Please treat yourself to some beautiful music, and show your support for these hard-working young musicians by attending tonight's Tulsa Boy Singers performance.


MORE: A great article about Tulsa Boy Singers by G. K. Hizer in the current Urban Tulsa Weekly:

When meeting with Janet Drye, from the Tulsa Boy Singers' board of directors, we discussed a bit of the group's history and how it has developed over the years as well as a few of the challenges the group faces. Originally founded to consist of young males from ages 8-18, membership is constantly changing as voices change and singers graduate from the group and move on, so recruiting has always been crucial. With that natural transition of members, the troupe's size has fluctuated and currently consists of roughly 15 boys, it's smallest iteration for a number of years. Just recently, the organization changed its guidelines and is accepting singers as young as five years old in order to develop young voices and fill some of its gaps in the trebles of the choir.

Recruiting singers has always been a challenge. "We used to contact elementary school music teachers and they got word out," Drye shared. In recent years, however, the group's connection with those teachers has been reduced as budget cuts have limited the music programs in many schools.

Another challenge has come as so many children are involved in multiple activities at an early age, from music lessons to sporting events, limiting their time to become involved or even interested in the choral group. "We're hoping that with the new age changes, we'll be able to get kids interested and involved before they become so committed to other activities," Drye said....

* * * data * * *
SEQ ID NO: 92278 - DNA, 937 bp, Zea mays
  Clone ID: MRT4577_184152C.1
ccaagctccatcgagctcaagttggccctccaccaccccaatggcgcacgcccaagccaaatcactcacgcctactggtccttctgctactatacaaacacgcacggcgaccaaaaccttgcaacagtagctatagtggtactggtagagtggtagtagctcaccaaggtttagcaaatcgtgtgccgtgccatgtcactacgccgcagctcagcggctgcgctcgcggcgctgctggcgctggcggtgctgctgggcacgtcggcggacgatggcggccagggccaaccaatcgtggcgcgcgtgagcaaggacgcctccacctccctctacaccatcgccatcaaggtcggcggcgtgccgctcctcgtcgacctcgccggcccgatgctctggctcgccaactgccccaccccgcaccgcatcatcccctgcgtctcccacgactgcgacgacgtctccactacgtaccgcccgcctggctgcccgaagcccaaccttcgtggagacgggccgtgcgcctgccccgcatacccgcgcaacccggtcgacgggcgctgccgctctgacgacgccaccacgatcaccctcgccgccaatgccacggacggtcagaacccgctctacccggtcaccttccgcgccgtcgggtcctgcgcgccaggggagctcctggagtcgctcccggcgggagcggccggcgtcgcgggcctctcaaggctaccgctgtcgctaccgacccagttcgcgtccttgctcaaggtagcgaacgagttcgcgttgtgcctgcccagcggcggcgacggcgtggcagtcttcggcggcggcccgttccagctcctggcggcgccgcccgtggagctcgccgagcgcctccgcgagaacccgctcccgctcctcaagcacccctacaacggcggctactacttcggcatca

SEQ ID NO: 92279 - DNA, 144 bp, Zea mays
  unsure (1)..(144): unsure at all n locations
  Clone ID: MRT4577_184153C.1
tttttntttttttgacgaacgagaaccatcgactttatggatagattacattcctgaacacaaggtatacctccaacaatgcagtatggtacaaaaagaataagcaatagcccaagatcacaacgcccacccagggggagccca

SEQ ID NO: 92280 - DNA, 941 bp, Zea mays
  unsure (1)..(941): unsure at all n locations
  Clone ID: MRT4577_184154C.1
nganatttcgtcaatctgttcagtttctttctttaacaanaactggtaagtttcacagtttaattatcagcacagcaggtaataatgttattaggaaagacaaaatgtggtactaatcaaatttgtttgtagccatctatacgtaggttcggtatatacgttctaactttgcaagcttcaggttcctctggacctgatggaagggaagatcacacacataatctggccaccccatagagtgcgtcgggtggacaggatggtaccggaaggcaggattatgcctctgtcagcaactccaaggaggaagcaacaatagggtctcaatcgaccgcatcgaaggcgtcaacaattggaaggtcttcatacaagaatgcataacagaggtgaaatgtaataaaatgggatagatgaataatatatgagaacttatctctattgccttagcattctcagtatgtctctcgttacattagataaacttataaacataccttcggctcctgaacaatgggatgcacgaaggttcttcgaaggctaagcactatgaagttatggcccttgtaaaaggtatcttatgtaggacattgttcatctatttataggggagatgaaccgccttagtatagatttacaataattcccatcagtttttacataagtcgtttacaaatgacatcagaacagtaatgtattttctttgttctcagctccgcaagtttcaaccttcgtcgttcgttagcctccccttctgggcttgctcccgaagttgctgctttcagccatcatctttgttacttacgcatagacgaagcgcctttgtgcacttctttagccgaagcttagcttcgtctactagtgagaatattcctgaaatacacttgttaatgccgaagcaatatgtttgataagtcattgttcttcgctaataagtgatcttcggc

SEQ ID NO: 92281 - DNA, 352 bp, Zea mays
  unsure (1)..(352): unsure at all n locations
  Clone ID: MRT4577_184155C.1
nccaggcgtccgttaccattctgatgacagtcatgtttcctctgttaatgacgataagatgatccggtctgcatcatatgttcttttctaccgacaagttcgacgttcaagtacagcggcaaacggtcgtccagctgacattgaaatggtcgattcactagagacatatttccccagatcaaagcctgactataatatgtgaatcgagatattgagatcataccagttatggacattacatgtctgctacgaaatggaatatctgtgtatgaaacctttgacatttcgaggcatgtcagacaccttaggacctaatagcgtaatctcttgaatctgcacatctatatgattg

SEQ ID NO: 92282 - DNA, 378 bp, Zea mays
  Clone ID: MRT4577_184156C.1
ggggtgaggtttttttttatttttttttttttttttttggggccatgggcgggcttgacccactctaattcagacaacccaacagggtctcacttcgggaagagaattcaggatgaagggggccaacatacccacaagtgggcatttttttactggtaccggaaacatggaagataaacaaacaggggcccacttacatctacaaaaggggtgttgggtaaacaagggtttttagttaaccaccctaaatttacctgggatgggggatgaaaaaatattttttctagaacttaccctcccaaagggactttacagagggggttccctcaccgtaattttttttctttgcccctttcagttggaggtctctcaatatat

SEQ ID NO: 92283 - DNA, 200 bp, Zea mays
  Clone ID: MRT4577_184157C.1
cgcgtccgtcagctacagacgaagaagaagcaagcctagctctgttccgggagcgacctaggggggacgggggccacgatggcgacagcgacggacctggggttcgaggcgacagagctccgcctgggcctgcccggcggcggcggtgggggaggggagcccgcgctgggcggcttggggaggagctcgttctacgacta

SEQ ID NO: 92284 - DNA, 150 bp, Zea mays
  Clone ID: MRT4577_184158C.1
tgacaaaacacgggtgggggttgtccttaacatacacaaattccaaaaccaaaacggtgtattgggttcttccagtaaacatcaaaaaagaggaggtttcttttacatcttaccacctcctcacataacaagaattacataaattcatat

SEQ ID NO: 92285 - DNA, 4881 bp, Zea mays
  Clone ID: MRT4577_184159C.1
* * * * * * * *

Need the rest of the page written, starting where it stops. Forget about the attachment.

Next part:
When asked how material is chosen for the group, [director Casey] Cantwell responded: "In choosing repertoire for TBS I try to do a variety of music and styles. However, I always include repertoire from the English Cathedral tradition since those choirs are, for the most part, choirs of men and boys."

"I also take into account the abilities of the boys at hand," he continued. "I try to do music that they will enjoy and which will be successful for them. I think it's good to stretch them to do music that's harder than they think they can do, while making sure that they succeed in doing it."

Cantwell also addressed the evolving nature of the group. "During my tenure," Cantwell said, "we have had ups and downs in numbers and talent. At the current time we have a smaller number of boys than we have in the past, but they have worked hard and are ready to perform. To help them out, I have three alumni of TBS who will be joining us for this concert -- all of whom are currently, or soon will be, in music degree programs in college. The constant changing of TBS members is at the same time exciting and scary, but it's never boring and is always rewarding."

About this Archive

This page is a archive of entries in the Tulsa category from June 2012.

Tulsa: May 2012 is the previous archive.

Tulsa: September 2012 is the next archive.